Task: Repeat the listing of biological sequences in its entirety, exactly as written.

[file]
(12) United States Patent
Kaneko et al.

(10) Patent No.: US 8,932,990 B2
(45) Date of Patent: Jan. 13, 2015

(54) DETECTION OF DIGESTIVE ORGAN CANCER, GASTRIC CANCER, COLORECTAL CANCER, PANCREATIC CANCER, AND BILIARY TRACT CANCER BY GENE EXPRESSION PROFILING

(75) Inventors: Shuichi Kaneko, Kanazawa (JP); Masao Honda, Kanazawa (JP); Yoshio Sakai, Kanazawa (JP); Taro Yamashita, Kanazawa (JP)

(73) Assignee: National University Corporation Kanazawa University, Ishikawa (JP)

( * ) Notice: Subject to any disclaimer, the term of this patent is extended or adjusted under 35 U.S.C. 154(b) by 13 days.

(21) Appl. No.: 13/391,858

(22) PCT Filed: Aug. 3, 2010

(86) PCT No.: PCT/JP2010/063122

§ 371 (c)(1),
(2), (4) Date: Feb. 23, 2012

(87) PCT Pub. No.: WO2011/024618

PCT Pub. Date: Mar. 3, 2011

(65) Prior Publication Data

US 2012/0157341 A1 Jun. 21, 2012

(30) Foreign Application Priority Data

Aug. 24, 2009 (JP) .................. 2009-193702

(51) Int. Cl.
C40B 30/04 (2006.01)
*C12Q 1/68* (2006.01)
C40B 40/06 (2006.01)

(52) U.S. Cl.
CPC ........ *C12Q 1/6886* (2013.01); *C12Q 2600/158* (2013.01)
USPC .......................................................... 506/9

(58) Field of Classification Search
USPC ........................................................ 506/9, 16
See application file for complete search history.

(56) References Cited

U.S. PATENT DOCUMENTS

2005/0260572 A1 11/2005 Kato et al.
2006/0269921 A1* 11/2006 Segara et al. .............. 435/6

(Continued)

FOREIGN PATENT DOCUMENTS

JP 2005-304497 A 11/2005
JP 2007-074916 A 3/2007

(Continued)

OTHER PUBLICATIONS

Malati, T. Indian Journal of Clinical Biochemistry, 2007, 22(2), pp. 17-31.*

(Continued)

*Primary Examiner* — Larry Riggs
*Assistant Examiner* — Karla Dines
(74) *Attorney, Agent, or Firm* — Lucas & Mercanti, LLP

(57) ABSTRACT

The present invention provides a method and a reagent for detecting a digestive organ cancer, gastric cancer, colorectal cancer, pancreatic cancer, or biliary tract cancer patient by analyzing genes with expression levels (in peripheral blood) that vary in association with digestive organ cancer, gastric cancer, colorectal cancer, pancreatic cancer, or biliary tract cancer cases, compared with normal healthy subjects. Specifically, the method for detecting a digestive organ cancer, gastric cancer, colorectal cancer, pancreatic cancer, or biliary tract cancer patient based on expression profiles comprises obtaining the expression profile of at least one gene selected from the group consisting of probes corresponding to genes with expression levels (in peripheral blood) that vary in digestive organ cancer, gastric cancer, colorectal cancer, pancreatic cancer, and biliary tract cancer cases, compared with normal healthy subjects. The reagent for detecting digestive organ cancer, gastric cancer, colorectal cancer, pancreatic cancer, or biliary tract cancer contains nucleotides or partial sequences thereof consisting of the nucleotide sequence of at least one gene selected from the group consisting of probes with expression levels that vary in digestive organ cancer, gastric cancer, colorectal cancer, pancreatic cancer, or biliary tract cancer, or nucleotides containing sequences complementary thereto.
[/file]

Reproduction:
(12) United States Patent
Kaneko et al.

(10) Patent No.: US 8,932,990 B2
(45) Date of Patent: Jan. 13, 2015

(54) DETECTION OF DIGESTIVE ORGAN CANCER, GASTRIC CANCER, COLORECTAL CANCER, PANCREATIC CANCER, AND BILIARY TRACT CANCER BY GENE EXPRESSION PROFILING

(75) Inventors: Shuichi Kaneko, Kanazawa (JP); Masao Honda, Kanazawa (JP); Yoshio Sakai, Kanazawa (JP); Taro Yamashita, Kanazawa (JP)

(73) Assignee: National University Corporation Kanazawa University, Ishikawa (JP)

( * ) Notice: Subject to any disclaimer, the term of this patent is extended or adjusted under 35 U.S.C. 154(b) by 13 days.

(21) Appl. No.: 13/391,858

(22) PCT Filed: Aug. 3, 2010

(86) PCT No.: PCT/JP2010/063122

§ 371 (c)(1),
(2), (4) Date: Feb. 23, 2012

(87) PCT Pub. No.: WO2011/024618

PCT Pub. Date: Mar. 3, 2011

(65) Prior Publication Data

US 2012/0157341 A1 Jun. 21, 2012

(30) Foreign Application Priority Data

Aug. 24, 2009 (JP) .................. 2009-193702

(51) Int. Cl.
C40B 30/04 (2006.01)
*C12Q 1/68* (2006.01)
C40B 40/06 (2006.01)

(52) U.S. Cl.
CPC ........ *C12Q 1/6886* (2013.01); *C12Q 2600/158* (2013.01)
USPC .......................................................... 506/9

(58) Field of Classification Search
USPC ........................................................ 506/9, 16
See application file for complete search history.

(56) References Cited

U.S. PATENT DOCUMENTS

2005/0260572 A1 11/2005 Kato et al.
2006/0269921 A1* 11/2006 Segara et al. .............. 435/6

(Continued)

FOREIGN PATENT DOCUMENTS

JP 2005-304497 A 11/2005
JP 2007-074916 A 3/2007

(Continued)

OTHER PUBLICATIONS

Malati, T. Indian Journal of Clinical Biochemistry, 2007, 22(2), pp. 17-31.*

(Continued)

*Primary Examiner* — Larry Riggs
*Assistant Examiner* — Karla Dines
(74) *Attorney, Agent, or Firm* — Lucas & Mercanti, LLP

(57) ABSTRACT

The present invention provides a method and a reagent for detecting a digestive organ cancer, gastric cancer, colorectal cancer, pancreatic cancer, or biliary tract cancer patient by analyzing genes with expression levels (in peripheral blood) that vary in association with digestive organ cancer, gastric cancer, colorectal cancer, pancreatic cancer, or biliary tract cancer cases, compared with normal healthy subjects. Specifically, the method for detecting a digestive organ cancer, gastric cancer, colorectal cancer, pancreatic cancer, or biliary tract cancer patient based on expression profiles comprises obtaining the expression profile of at least one gene selected from the group consisting of probes corresponding to genes with expression levels (in peripheral blood) that vary in digestive organ cancer, gastric cancer, colorectal cancer, pancreatic cancer, and biliary tract cancer cases, compared with normal healthy subjects. The reagent for detecting digestive organ cancer, gastric cancer, colorectal cancer, pancreatic cancer, or biliary tract cancer contains nucleotides or partial sequences thereof consisting of the nucleotide sequence of at least one gene selected from the group consisting of probes with expression levels that vary in digestive organ cancer, gastric cancer, colorectal cancer, pancreatic cancer, or biliary tract cancer, or nucleotides containing sequences complementary thereto.